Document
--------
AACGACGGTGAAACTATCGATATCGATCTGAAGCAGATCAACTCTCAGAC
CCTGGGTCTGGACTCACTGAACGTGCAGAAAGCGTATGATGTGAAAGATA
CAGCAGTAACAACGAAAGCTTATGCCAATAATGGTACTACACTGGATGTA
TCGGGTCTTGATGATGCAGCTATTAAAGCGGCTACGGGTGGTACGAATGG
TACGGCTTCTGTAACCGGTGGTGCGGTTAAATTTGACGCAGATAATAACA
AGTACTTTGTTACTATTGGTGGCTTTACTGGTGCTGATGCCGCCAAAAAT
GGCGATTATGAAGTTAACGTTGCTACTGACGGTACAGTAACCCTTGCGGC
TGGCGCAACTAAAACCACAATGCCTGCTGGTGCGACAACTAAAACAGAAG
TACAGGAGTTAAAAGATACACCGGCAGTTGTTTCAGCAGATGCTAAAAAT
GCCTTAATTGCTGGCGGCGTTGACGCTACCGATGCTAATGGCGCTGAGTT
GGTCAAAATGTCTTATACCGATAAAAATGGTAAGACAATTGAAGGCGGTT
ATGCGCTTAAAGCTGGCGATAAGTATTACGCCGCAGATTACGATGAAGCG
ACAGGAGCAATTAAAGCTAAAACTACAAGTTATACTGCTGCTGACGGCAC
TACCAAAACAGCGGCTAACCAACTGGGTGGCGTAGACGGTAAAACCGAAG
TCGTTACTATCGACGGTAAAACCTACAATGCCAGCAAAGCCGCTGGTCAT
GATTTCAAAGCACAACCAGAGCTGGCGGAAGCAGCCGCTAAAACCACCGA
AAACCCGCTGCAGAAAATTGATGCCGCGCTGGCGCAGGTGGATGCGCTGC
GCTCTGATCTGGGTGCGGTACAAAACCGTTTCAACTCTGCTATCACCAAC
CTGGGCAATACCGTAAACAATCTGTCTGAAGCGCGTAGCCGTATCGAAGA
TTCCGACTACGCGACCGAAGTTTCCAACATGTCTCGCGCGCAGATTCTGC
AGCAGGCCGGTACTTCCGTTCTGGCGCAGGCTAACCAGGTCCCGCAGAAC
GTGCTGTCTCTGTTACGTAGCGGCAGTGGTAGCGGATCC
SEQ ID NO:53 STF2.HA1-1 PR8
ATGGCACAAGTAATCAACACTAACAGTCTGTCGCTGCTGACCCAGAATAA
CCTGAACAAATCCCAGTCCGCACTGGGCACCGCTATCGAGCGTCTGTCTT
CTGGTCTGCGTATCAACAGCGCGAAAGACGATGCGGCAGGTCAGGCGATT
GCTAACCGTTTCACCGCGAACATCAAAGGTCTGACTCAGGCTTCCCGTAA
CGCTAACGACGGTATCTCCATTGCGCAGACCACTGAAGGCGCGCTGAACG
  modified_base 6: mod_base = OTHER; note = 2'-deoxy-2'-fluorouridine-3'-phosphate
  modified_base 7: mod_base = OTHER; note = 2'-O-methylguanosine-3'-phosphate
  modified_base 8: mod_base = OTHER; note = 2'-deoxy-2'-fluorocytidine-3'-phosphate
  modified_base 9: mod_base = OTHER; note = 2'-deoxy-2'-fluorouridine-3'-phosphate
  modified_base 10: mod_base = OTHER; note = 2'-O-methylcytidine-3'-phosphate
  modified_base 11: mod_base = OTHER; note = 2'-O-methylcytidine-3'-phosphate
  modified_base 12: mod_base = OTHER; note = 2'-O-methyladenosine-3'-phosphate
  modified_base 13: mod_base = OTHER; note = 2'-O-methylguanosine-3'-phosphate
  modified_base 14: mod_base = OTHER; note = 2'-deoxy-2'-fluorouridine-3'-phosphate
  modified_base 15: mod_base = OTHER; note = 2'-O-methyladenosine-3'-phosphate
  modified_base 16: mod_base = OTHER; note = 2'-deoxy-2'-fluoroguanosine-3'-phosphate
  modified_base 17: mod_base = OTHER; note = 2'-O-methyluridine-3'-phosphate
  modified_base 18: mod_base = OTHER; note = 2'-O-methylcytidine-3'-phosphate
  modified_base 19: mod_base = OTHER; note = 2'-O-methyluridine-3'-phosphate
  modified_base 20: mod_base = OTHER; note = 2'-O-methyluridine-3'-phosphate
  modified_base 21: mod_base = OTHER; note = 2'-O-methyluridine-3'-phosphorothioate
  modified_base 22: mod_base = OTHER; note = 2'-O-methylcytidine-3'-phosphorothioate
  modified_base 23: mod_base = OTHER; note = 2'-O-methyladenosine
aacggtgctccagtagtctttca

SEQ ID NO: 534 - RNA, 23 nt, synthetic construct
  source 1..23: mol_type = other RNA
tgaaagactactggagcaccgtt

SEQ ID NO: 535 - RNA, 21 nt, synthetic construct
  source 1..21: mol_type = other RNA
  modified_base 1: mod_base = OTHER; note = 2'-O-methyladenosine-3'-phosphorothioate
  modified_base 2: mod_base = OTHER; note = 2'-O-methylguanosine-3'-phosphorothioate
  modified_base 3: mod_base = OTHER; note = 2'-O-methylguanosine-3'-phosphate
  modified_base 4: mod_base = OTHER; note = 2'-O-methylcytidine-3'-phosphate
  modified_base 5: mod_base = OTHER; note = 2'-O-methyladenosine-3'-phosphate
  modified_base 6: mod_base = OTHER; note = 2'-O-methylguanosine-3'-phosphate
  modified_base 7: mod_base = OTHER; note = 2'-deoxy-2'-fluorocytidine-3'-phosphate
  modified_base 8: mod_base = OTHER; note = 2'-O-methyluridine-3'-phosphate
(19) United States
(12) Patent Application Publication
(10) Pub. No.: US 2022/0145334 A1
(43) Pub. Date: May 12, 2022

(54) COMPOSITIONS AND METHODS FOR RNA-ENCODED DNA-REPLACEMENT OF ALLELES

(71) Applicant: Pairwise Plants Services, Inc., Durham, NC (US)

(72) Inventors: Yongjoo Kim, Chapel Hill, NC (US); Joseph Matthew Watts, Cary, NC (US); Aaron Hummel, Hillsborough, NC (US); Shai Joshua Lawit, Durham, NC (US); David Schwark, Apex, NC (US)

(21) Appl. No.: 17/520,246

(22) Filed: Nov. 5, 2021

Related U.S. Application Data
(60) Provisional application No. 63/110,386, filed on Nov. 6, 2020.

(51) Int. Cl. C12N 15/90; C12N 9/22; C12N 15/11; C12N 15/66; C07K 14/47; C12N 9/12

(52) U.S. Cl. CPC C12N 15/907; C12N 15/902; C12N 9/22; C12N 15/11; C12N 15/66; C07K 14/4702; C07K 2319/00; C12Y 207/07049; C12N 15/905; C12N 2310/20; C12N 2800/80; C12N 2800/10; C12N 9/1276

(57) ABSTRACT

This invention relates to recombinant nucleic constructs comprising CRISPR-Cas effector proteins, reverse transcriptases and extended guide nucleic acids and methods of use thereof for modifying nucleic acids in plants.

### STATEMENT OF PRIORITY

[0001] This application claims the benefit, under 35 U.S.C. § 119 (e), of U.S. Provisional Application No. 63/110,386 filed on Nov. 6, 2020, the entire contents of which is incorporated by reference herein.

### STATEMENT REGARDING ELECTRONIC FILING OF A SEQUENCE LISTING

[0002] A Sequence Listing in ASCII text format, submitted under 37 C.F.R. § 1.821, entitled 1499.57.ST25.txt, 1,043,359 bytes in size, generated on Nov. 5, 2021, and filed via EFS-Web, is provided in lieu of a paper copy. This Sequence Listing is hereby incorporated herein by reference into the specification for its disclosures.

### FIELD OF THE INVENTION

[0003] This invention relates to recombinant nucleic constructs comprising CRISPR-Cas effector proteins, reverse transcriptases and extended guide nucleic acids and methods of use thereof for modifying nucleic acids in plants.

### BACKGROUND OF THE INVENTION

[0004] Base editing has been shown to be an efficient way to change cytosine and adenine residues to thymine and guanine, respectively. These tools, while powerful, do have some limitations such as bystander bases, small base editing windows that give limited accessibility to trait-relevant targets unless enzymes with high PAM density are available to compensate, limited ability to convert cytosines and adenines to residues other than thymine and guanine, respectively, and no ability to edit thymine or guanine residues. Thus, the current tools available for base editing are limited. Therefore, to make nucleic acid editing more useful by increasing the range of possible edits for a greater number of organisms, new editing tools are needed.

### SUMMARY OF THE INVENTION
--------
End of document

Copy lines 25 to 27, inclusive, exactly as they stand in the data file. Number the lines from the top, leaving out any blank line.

CCTGAACAAATCCCAGTCCGCACTGGGCACCGCTATCGAGCGTCTGTCTT
CTGGTCTGCGTATCAACAGCGCGAAAGACGATGCGGCAGGTCAGGCGATT
GCTAACCGTTTCACCGCGAACATCAAAGGTCTGACTCAGGCTTCCCGTAA